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Assessment of Mars Science and Mission Priorities

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Within the Office of Space Science of the National Aeronautics and Space Administration (NASA) special importance is attached to exploration of the planet Mars, because it is the most like Earth of the planets in the solar system and the place where the first detection of extraterrestrial life seems most likely to be made. The failures in 1999 of two NASA missions—Mars Climate Orbiter and Mars Polar Lander—caused the space agency's program of Mars exploration to be systematically rethought, both technologically and scientifically. A new Mars Exploration Program plan (summarized in Appendix A) was announced in October 2000. The Committee on Planetary and Lunar Exploration (COMPLEX), a standing committee of the Space Studies Board of the National Research Council, was asked to examine the scientific content of this new program. This goals of this report are the following:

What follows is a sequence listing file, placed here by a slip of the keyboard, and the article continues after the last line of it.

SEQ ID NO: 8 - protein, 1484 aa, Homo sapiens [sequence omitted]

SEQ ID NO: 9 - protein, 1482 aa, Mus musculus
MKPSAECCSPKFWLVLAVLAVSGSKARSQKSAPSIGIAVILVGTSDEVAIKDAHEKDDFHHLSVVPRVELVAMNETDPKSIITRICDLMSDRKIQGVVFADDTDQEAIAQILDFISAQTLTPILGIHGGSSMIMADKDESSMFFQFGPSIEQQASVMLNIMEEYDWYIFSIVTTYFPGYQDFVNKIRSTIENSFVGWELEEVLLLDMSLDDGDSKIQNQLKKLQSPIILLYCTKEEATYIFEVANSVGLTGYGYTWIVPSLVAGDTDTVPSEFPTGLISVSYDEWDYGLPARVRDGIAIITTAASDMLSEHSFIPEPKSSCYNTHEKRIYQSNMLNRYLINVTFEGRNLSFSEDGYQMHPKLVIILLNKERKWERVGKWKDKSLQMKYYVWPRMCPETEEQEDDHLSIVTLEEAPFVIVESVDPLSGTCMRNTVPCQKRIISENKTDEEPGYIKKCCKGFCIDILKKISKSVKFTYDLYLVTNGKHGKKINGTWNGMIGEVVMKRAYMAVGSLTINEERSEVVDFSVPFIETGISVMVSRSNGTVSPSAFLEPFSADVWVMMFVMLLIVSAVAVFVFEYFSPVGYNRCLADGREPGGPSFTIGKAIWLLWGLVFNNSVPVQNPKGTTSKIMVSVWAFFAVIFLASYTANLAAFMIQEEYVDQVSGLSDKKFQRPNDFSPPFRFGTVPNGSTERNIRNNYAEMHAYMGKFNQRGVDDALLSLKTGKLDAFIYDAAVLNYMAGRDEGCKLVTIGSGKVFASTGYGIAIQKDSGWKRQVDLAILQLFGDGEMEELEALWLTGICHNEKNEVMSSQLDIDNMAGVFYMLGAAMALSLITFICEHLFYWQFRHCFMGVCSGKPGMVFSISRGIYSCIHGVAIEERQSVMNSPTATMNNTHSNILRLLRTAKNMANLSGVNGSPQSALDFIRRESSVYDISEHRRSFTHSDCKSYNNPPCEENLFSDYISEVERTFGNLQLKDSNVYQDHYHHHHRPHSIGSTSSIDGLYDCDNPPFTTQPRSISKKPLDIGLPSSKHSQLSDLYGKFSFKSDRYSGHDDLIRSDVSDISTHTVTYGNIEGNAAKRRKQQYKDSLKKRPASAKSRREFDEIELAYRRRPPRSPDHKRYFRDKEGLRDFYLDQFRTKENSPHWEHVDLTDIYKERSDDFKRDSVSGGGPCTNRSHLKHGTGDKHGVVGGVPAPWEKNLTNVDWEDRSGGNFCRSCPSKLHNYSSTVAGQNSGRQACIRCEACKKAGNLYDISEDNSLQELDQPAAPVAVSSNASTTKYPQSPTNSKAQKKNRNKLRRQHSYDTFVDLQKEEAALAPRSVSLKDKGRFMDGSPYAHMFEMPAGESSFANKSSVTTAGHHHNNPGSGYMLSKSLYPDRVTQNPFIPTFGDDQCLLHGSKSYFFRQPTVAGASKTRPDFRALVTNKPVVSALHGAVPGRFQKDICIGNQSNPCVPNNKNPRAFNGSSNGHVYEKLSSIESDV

-Review the state of knowledge of the planet Mars, with special emphasis on findings of the most recent Mars missions and related research activities;

-Review the most important Mars research opportunities in the immediate future;

-Review scientific priorities for the exploration of Mars identified by COMPLEX (and other scientific advisory groups) and their motivation, and consider the degree to which recent discoveries suggest a reordering of priorities; and

-Assess the congruence between NASA's evolving Mars Exploration Program plan and these recommended priorities, and suggest any adjustments that might be warranted.

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Suggested Citation

National Research Council. 2003. Assessment of Mars Science and Mission Priorities. Washington, DC: The National Academies Press. https://doi.org/10.17226/10715.

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Publication Info

144 pages | 8.5 x 11
ISBNs:
  • Paperback: 978-0-309-08917-3
  • Ebook: 978-0-309-16793-2
DOI: https://doi.org/10.17226/10715
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